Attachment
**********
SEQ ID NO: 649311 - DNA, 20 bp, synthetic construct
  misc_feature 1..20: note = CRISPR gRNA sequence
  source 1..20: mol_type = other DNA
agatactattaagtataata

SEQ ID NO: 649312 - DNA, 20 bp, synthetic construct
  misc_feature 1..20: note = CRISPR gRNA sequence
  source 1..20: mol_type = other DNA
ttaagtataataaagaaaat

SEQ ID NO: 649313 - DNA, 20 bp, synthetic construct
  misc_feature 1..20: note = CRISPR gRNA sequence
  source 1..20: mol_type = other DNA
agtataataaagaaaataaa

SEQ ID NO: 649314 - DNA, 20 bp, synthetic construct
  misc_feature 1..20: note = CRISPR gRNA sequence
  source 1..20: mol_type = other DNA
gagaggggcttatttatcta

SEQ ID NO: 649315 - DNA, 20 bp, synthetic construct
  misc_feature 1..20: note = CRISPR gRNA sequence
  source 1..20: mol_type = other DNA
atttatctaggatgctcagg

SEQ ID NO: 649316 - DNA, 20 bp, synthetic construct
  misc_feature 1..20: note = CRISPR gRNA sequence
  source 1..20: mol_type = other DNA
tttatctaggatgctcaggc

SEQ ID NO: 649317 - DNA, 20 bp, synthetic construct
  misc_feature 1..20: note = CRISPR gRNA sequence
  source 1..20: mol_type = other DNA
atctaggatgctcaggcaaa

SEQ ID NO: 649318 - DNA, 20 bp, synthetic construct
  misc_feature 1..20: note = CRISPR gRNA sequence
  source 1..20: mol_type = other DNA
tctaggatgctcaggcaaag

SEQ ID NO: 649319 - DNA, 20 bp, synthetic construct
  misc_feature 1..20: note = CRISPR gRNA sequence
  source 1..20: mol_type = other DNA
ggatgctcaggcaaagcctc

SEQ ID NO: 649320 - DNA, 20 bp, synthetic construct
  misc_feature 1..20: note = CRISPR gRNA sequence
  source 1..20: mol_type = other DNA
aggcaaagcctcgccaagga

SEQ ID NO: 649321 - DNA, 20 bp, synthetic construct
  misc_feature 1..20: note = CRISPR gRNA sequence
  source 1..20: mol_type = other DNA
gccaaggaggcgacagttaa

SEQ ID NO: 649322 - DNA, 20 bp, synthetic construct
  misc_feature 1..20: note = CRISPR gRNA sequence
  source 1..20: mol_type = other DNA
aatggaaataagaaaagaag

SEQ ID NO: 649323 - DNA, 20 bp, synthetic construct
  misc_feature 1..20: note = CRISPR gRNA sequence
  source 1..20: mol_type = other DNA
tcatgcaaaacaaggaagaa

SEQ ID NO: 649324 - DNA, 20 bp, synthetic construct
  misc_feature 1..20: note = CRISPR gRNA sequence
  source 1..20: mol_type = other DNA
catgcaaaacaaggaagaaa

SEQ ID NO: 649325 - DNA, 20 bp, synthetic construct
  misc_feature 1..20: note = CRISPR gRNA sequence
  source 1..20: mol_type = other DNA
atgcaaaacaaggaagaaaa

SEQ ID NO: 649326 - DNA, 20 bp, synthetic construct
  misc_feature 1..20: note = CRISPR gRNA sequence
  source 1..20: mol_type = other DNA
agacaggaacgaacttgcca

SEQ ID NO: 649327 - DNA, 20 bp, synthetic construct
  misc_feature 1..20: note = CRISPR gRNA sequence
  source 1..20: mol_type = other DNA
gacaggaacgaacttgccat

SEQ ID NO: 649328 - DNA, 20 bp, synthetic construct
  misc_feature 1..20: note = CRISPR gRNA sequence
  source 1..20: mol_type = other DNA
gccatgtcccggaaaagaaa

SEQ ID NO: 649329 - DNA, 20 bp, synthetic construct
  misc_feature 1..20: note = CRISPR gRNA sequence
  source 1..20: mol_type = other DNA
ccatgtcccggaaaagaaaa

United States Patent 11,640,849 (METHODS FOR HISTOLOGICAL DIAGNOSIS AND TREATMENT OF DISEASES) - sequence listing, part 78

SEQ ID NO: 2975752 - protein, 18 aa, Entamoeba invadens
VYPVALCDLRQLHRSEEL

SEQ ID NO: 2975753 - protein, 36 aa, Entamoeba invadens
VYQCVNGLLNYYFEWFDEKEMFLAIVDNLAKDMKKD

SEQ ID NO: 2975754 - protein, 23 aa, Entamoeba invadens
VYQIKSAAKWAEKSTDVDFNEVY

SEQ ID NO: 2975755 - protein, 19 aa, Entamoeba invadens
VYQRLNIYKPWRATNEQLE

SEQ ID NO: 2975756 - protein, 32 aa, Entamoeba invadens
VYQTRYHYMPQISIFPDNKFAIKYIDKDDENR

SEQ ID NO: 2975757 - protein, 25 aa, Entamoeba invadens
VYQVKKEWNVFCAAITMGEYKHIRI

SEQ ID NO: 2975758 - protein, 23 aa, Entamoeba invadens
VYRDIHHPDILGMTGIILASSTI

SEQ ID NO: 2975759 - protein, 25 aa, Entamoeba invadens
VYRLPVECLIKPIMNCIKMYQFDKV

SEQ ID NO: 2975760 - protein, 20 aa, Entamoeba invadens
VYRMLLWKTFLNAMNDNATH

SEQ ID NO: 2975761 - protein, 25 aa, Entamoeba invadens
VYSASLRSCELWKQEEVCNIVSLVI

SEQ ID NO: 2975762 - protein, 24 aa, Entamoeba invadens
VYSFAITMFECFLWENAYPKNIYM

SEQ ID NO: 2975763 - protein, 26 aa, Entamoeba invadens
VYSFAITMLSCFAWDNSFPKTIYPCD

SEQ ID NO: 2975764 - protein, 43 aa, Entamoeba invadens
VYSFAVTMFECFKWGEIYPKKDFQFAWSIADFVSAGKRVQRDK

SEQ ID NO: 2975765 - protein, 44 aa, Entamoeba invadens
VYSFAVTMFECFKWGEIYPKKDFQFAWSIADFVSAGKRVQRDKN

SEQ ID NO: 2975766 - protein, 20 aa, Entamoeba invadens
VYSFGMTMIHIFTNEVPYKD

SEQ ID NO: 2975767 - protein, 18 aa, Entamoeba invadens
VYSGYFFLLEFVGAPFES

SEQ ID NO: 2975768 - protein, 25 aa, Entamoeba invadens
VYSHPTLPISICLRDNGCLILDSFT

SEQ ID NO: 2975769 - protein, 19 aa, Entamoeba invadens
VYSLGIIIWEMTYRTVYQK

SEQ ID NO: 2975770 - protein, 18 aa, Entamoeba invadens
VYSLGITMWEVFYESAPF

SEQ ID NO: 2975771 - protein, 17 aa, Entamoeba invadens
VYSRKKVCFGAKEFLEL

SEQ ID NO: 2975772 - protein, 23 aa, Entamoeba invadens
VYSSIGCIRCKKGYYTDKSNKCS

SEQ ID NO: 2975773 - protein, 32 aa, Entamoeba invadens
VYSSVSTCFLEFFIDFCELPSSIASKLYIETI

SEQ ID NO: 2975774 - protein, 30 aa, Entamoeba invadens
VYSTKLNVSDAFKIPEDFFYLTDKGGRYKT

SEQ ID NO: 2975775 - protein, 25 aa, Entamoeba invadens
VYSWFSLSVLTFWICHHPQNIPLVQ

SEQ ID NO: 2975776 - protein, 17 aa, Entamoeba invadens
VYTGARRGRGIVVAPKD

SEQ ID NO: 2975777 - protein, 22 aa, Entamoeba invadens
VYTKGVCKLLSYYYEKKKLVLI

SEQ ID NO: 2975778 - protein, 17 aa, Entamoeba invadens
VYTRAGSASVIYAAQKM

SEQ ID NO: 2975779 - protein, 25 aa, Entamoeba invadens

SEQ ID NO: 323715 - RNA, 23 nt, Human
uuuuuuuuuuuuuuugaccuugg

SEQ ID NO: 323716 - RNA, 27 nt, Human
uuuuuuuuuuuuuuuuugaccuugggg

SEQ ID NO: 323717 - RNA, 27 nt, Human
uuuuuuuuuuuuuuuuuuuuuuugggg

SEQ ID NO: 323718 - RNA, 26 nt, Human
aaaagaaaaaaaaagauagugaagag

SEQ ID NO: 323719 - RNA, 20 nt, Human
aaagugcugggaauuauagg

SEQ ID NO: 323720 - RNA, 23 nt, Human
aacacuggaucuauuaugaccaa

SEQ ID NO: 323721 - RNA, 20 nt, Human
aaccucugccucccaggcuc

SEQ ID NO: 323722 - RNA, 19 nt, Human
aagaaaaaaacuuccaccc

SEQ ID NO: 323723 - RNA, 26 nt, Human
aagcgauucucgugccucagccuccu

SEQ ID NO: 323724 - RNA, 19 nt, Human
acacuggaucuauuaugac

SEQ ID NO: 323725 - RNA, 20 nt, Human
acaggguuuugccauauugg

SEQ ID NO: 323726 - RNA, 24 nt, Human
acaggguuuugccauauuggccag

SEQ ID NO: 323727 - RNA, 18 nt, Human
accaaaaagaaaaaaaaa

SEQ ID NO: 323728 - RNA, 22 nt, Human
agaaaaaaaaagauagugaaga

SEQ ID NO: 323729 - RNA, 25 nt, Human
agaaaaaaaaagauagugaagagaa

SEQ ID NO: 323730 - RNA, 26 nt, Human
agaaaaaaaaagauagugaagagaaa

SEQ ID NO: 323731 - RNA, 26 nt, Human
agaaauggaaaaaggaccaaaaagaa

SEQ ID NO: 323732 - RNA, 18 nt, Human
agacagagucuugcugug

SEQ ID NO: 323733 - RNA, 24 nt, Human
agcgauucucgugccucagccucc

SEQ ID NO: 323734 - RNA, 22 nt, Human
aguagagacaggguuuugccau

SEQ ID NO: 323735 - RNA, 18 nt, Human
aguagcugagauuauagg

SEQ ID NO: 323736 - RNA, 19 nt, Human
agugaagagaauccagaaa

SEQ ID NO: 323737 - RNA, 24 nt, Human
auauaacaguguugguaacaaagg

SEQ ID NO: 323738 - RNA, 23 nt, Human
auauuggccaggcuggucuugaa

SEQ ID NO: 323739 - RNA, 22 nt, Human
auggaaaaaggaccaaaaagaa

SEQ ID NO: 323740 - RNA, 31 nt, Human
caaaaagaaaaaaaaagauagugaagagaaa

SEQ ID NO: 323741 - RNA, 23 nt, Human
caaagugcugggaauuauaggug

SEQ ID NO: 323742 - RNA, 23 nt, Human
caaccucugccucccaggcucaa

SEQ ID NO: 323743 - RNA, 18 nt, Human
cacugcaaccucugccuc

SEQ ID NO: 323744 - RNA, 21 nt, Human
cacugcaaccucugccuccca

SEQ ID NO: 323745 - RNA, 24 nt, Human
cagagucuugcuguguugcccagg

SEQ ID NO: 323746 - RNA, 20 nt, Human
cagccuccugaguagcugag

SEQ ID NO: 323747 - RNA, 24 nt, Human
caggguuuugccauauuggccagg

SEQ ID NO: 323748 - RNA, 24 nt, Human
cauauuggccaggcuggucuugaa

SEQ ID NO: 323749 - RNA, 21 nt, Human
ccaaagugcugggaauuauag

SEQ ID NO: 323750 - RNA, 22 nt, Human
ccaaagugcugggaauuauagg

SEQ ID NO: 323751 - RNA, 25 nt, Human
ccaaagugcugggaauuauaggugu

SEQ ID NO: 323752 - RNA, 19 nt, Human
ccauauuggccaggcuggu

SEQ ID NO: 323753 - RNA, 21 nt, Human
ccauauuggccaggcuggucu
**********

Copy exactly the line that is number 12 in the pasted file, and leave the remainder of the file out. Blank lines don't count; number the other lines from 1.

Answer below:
agtataataaagaaaataaa